2. 2. 2) Small Ruminant Sustainability Checksheet This checksheet is designed to stimulate critical thinking when evaluating a farm that produces sheep or goats. The sustainability of a farm depends on many factors involving farm management, use of resources, and quality of life. The questions in the checksheet are intended to stimulate awareness rather than to rate management practices. Use this guide to define areas in your farm management that might be improved, as well as to identify areas of strength. 3) Small-Scale Livestock Farming: A Grass Based Approach for Health, Sustainability, and Profit Ekarius, Carol. 1999. Storey Books, Pownal, VT. 217 p. Not specific to any species of livestock; contains farmer profiles and quite a bit of holistic planning and eco- nomic information. Very complete in treatment of rotational grazing. 4) Sheep Housing and Equipment Handbook Hirning, Harvey J., Tim C. Faller, Karl J. Hoppe, Dan J. Nudell, and Gary E. Ricketts. 1994. MidWest Plan Service, Ames, IA. 90 p. These plans are also useful for goats, and include a few plans specific to goats. 5) USDA To go directly to the sheep and goat information, use this link: index.php?info_center=8&tax_level=2&tax_subject=10&topic_id=1735 6) NRCS 7) ATTRA—National Sustainable Agriculture Information Service 8) Maryland Small Ruminant Page Don’t miss this site. It is the most comprehensive and easy-to-use site for sheep and goat producers, and links to many of the Web resources listed in this document. The site is so extensive that using the search function is recommended; otherwise, it might take several clicks to find what you are looking for. The home page alone contains a wealth of information, including links to PowerPoints and spreadsheets, the Sheep 101 and Sheep 201 courses, the Wild and Wooly Sheep and Goat Newsletter, a reference list that includes many fine books and tabs to many useful articles covering every conceivable aspect of sheep and goat production. This portal is run by Susan Schoenian, University of Maryland Extension, and it is the first place to go if you have Web access. Her work is top-notch. The site includes numerous resources not contained in this ATTRA resource list. 9) Kentucky Sheep and Goat Development Office 10) Sheep and Goat Extension and Research, Texas A&M University 11) Sheep and Goats, Virginia Polytechnic Institute and State University Extension II. General: Sheep 12) Dairy Sheep This publication offers additional information and resources and includes a quick overview of production considerations. 13) Sheep: Sustainable and Organic Production This publication takes a look at breed selection, feeding, health management, and innovative marketing of meat and wool products.Page 2 ATTRA Small Ruminant Resources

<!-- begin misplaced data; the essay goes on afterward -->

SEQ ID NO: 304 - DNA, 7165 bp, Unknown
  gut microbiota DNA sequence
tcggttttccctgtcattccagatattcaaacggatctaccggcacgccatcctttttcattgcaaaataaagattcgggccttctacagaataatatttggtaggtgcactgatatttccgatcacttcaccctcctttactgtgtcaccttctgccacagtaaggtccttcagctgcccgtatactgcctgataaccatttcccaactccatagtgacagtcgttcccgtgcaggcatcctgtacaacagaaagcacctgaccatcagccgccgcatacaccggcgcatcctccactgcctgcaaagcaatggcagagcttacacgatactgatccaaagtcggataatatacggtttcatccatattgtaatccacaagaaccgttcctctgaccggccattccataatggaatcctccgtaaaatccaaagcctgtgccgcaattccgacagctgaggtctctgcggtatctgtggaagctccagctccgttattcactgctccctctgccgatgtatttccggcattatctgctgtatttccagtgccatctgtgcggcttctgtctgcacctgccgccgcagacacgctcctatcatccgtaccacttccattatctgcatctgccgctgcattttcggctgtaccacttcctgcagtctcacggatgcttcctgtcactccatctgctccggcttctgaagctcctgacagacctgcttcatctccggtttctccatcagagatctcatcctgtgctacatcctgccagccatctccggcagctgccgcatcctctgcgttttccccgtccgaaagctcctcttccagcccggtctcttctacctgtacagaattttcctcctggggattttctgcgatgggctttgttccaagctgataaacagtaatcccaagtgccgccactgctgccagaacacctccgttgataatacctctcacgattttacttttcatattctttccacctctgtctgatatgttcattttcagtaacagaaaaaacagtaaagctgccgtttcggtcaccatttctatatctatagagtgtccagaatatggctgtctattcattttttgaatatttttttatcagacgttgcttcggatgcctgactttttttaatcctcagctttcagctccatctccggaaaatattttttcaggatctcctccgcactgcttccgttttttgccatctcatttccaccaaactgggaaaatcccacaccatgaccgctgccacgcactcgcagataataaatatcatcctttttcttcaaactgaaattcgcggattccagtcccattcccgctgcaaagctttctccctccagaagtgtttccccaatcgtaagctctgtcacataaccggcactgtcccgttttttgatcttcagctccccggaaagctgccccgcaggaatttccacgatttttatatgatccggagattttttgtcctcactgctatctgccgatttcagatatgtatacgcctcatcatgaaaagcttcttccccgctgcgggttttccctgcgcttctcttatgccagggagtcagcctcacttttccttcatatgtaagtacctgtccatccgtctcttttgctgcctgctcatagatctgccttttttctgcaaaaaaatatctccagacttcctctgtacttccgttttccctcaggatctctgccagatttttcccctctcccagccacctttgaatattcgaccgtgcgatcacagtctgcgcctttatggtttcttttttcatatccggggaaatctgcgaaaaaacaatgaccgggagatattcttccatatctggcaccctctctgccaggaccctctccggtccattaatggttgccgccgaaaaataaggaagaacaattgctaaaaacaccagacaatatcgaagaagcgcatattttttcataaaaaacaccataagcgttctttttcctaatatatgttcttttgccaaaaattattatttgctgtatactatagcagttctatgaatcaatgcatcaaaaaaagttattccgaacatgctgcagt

3. 3. 14) Storey’s Guide to Raising Sheep: Fourth Edition Simmons, Paula and Carol Ekarius. 2009. Storey Publishing, LLC., Pownal, VT. 400 p. This book is a very useful resource covering many aspects of raising and marketing sheep and their prod- ucts. Enjoyable to read and helpful to both beginners and experienced producers. 15) Storey’s Barn Guide to Sheep Burns, Deborah, Sarah Guaro and Dale Perkins, editors. 2006. Storey Publishing, LLC. Pownal, VT. 96 p. This spiral-bound book with large, heavy-duty pages is designed to accompany the farmer to the barn and is complete with step-by-step guides and many straightforward illustrations. A companion to Storey’s Guide to Raising Sheep. 16) Practical Lambing and Lamb Care: Third Edition Eales, Andrew, John Small and Colin Macaldowie. 3rd Edition. 2004. Blackwell Publishing, Ltd., Oxford, U.K. 272 p. This book provides practical guidance on all aspects of lambing and lamb care, including preventing and dealing with health issues, and ewe care. 17) Managing Your Ewe Lawson, Laura. 1997. LDF Publications, Culpeper, VA. 352 p. Information on preparation for breeding,lambing, and aftercare. 18) Changes in the Sheep Industry National Research Council. 2008. The National Academic Press, Washington, D.C. 347 p. A comprehensive report covering the history and current state of the U.S. sheep industry. Also includes information on breeds, health issues, and marketing. 19) Sheep Success Griffith, Nathan. 2000. Cobblemead Publications, Trout, WV. 204 p. Long-established but not widely known strategies for breeding, growing, and selling sheep. 20) Sheep Production Handbook This reference handbook, covering the basics of sheep production, is for beginning and experienced sheep producers alike. American Sheep Industry Association 9785 Maroon Circle, Suite 360 Englewood, CO 80112 303-771-3500, ext. 32 21) American Sheep Industry Association 22) Hair Sheep Research and Information 23) National Sheep Improvement Program 24) Oregon State University 25) Penn State Sheep Publications 26) Sheep Extension Program, Farm Flock Sheep Production Handbook, Montana State University 27) Sheep Information - Cornell University STAR System ATTRA Page 3